Re: Questions about stressing a pregnant mare

Thanx, Sulriel! Mares gestate for 10 months, right? About how long does labor usually take? I would imagine that a pregnant mare wouldn't have the same nesting impulse that most bitches, particularly a maiden bitch, might have. Do they need special food/water provisions once labor starts - I've got to find some links on foaling...Do mares, while foaling, want or require companionship, such as a familiar human or another horse of their acquaintance? It certainly sounds like mares' foaling processes differ strongly from that of bitches (and when I use that word, I refer to the canine variety, where it is proper terminology for non-spayed, or "intact" bitches; but you probably know that!) The trip would have involved about 600 miles; then a rest (for her) of probably a few days, then she would go into labor after there's been a big battle (in which she was not directly involved), and then she goes into labor on the homeward march.

 

 

Re: Questions about stressing a pregnant mare

I didn't particularly want the mare to suffer any problems. Though I had thought, knowing so little about foaling, that the mare would need some quiet time, need to stop walking while in labor. (I did have visions of Eomer holding up the homeward march of the armies of Gondor and Rohan for a day so the mare could safely deliver; which the Rohirrim would think was right and proper, but everyone else might get a bit exasperated about, could be funny, but if it's unrealistic, we won't do it) This is for the AU 4th Age increasingly long thing I'm co-writing offsite. I hope no one objects to my mining HASA resources for it, since I don't know that it will ever appear here.... Thanx, Cheryl! It's great to have horse experts like you and Sulriel so willing and able to offer good advice. RAKSHA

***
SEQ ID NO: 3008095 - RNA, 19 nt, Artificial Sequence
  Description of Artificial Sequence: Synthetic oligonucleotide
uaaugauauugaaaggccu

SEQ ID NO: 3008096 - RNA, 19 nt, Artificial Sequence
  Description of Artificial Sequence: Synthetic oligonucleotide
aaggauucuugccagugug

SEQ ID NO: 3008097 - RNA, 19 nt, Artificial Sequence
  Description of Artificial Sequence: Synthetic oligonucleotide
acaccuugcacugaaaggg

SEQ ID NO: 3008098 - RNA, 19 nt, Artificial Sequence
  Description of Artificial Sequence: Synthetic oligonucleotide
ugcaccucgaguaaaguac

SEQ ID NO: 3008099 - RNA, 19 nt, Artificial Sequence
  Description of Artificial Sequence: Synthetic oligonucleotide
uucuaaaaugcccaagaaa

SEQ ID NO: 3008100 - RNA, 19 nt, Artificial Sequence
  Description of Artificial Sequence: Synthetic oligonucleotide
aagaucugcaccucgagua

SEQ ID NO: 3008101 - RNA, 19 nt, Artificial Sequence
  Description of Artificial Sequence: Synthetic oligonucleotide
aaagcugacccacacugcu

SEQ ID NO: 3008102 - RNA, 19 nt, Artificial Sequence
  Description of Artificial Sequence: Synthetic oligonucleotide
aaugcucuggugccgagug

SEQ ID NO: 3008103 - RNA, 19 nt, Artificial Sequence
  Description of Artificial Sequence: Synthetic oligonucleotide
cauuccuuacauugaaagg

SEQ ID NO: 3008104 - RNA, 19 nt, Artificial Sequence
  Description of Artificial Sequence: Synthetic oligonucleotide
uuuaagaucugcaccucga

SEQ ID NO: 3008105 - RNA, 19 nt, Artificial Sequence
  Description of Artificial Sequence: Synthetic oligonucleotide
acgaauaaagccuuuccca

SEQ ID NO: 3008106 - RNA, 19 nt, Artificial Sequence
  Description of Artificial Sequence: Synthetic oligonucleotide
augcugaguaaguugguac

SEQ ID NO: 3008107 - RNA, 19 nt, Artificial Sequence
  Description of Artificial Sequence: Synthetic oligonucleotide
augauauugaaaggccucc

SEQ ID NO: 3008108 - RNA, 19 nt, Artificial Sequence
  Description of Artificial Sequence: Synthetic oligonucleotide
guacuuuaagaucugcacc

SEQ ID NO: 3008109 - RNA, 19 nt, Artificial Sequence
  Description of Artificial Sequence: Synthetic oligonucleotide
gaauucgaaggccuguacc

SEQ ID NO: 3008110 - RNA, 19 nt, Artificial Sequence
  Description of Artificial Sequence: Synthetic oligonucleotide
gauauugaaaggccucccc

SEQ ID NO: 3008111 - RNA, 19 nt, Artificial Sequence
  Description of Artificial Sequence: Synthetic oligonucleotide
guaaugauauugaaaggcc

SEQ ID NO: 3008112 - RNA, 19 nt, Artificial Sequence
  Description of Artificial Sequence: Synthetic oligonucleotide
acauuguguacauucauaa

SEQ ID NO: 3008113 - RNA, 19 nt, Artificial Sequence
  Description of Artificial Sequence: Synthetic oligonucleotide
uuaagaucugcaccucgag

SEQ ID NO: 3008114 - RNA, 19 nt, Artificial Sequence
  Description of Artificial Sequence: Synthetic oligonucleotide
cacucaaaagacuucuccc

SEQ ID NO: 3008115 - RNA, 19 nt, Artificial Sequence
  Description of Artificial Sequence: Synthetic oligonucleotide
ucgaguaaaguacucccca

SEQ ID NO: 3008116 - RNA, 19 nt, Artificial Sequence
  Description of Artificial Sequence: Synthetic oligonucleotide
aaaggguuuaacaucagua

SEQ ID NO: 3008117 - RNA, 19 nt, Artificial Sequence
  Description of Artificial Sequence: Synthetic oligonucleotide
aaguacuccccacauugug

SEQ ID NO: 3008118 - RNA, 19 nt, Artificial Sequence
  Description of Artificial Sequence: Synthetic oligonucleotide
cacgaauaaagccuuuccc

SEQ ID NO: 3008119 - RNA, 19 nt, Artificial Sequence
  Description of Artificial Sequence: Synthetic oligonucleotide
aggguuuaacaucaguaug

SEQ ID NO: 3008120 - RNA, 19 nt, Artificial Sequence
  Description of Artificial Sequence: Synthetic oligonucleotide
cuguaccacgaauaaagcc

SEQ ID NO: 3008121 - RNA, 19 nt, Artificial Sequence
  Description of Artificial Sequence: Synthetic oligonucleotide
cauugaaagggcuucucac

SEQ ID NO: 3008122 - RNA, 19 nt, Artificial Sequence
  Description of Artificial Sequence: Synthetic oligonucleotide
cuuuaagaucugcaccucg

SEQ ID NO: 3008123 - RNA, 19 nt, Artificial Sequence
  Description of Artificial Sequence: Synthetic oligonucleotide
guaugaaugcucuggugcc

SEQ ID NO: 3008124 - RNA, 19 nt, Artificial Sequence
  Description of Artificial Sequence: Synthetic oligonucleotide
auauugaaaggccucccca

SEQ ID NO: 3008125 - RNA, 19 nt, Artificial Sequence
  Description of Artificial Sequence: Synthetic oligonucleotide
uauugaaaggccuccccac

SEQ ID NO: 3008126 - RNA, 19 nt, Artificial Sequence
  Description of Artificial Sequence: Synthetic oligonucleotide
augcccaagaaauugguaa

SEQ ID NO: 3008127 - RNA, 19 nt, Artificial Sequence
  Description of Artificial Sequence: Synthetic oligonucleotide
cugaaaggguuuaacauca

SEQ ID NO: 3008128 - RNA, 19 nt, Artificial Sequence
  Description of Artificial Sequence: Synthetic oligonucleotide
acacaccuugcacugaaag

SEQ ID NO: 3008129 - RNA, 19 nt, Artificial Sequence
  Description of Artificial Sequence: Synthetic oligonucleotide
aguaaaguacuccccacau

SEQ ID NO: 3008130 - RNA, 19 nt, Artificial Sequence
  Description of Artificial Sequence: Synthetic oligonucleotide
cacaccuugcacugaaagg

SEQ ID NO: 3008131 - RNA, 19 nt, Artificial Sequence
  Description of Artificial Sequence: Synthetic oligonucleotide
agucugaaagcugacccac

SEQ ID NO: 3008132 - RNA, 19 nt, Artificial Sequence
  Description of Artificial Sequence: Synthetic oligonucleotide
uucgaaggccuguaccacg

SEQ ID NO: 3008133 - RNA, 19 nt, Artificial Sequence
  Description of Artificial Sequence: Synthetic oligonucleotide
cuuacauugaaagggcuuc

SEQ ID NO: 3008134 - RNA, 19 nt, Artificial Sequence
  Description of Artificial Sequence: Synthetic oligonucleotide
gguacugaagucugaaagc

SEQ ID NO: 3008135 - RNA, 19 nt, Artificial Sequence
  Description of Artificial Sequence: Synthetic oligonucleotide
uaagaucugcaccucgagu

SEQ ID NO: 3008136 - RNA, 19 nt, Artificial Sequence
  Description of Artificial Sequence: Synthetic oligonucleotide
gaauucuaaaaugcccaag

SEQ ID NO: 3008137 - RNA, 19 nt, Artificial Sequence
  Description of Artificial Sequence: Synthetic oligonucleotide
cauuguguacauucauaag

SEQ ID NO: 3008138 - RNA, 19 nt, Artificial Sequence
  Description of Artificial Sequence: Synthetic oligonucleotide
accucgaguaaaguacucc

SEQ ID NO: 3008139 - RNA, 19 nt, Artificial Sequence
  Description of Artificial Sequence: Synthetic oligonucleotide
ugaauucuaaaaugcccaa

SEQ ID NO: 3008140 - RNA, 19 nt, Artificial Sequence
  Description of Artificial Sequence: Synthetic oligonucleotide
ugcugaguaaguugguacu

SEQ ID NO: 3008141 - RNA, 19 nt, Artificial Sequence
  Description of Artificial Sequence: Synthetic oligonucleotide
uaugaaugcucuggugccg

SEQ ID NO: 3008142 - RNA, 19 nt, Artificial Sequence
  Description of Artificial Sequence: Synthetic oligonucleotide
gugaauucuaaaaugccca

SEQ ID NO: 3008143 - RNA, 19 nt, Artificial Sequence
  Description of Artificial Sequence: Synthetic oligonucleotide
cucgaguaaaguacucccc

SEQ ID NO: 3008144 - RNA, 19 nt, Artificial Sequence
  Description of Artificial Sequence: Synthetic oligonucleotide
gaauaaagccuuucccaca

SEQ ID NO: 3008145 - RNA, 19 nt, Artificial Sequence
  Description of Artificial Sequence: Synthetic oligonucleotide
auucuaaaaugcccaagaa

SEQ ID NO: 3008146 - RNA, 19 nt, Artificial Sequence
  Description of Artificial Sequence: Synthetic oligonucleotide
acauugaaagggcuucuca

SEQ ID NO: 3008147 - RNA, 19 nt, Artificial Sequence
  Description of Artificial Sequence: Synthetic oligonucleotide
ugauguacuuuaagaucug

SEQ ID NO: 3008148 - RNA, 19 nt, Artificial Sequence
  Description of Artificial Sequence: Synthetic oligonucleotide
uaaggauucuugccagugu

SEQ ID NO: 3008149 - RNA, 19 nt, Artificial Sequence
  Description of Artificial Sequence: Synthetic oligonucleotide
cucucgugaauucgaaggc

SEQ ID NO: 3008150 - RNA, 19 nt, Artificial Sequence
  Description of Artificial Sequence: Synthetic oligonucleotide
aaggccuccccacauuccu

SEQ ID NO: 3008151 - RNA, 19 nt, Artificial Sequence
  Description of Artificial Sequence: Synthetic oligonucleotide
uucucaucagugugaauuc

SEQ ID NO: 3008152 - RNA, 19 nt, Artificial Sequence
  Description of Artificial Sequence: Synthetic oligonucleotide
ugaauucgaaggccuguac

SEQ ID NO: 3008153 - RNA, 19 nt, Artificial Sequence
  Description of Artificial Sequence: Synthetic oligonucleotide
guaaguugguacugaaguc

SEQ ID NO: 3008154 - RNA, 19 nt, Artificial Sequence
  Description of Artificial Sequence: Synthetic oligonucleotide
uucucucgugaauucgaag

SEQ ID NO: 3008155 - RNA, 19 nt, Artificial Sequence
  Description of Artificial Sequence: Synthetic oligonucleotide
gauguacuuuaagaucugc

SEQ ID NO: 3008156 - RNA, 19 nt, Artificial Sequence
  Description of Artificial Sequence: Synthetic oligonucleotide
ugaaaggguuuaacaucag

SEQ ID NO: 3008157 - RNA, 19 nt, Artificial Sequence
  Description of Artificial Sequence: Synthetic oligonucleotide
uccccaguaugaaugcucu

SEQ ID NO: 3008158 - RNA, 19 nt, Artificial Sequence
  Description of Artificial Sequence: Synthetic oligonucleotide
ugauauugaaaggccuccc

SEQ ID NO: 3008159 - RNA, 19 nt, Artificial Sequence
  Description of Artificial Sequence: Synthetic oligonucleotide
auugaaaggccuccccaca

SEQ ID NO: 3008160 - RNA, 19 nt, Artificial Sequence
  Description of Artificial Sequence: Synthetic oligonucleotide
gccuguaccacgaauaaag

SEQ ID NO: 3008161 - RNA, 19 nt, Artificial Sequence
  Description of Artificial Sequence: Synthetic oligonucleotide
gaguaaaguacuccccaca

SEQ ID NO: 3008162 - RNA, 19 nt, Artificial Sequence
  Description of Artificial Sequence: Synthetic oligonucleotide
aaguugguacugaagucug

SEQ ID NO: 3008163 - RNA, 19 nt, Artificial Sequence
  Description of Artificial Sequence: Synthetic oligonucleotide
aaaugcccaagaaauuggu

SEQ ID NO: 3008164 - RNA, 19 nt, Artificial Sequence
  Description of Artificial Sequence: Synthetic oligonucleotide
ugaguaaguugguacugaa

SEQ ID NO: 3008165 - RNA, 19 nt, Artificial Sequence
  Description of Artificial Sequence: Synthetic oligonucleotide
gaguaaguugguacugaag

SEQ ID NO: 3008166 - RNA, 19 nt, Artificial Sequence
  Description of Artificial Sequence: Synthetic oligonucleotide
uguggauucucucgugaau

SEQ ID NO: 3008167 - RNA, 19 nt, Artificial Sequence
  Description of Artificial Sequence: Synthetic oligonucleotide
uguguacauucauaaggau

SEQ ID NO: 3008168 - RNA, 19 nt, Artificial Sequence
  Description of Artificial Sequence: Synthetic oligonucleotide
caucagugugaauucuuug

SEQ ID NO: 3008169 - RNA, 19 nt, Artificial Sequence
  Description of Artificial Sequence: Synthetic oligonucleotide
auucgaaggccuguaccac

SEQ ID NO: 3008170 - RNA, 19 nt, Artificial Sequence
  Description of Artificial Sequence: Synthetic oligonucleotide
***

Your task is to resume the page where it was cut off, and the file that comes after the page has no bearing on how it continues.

Re: Questions about stressing a pregnant mare

*average* preg is about 11 months. *normal* is 10 -13 month. Mares normally foal within minutes of their water breaking, it they don't you may be in for the major problems that Cheryl mention. prior to that there would be signs such as changes in the shape of her belly (change from a bell shape to 'slab sided' as the foal positions t be born). also, he teats may 'wax' ...looks like candle wax, like little stalagtites. as far as the nesting behavior. she may want to be alone, maybe try to sneak away from the group is she isn't tied. If Eomer is understanding, he could simply put a watch on her and her her pick her own spot. ... She would probably let Eomer approach and handle the foal, and anyone else she knew, but might be highly aggressive to the other horses if they tried to get too close. He may hold the march for a day or two after she foaled in order not to stress the foal, and have restricted marches the rest of the way back. (Hi Cheryl )

 

 

Re: Questions about stressing a pregnant mare

(Hi Cheryl ) Hi Sulriel! back In addition to what Sulriel said, the mare probably would want to foal at night or early, EARLY in the morning. (That late, who can tell the difference? ) A lot of domestic mares will foal at "decent" hours, but the one's I've experienced prefered the night. That's all I can add, Sulriel pretty much summed it up. Cheryl